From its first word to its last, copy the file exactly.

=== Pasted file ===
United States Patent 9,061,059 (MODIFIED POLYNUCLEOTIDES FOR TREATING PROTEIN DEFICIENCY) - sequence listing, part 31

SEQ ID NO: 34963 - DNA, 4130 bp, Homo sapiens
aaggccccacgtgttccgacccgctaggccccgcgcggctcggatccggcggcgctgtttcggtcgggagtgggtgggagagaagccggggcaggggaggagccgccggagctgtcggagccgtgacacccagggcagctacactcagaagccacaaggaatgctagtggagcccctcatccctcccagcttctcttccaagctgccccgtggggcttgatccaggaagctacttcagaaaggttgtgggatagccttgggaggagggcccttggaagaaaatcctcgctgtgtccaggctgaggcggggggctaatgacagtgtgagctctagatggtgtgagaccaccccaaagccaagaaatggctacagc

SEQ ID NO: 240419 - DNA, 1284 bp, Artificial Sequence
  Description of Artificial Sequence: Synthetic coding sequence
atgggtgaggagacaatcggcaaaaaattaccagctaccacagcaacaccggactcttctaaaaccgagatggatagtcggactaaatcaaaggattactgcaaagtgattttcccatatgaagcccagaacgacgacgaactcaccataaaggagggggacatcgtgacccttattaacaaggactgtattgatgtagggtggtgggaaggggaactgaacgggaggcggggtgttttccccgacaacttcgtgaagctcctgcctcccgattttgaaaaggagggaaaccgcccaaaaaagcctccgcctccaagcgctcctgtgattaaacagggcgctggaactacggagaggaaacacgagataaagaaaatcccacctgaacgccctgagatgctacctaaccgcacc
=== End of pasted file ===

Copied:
United States Patent 9,061,059 (MODIFIED POLYNUCLEOTIDES FOR TREATING PROTEIN DEFICIENCY) - sequence listing, part 31

SEQ ID NO: 34963 - DNA, 4130 bp, Homo sapiens
aaggccccacgtgttccgacccgctaggccccgcgcggctcggatccggcggcgctgtttcggtcgggagtgggtgggagagaagccggggcaggggaggagccgccggagctgtcggagccgtgacacccagggcagctacactcagaagccacaaggaatgctagtggagcccctcatccctcccagcttctcttccaagctgccccgtggggcttgatccaggaagctacttcagaaaggttgtgggatagccttgggaggagggcccttggaagaaaatcctcgctgtgtccaggctgaggcggggggctaatgacagtgtgagctctagatggtgtgagaccaccccaaagccaagaaatggctacagc

SEQ ID NO: 240419 - DNA, 1284 bp, Artificial Sequence
  Description of Artificial Sequence: Synthetic coding sequence
atgggtgaggagacaatcggcaaaaaattaccagctaccacagcaacaccggactcttctaaaaccgagatggatagtcggactaaatcaaaggattactgcaaagtgattttcccatatgaagcccagaacgacgacgaactcaccataaaggagggggacatcgtgacccttattaacaaggactgtattgatgtagggtggtgggaaggggaactgaacgggaggcggggtgttttccccgacaacttcgtgaagctcctgcctcccgattttgaaaaggagggaaaccgcccaaaaaagcctccgcctccaagcgctcctgtgattaaacagggcgctggaactacggagaggaaacacgagataaagaaaatcccacctgaacgccctgagatgctacctaaccgcacc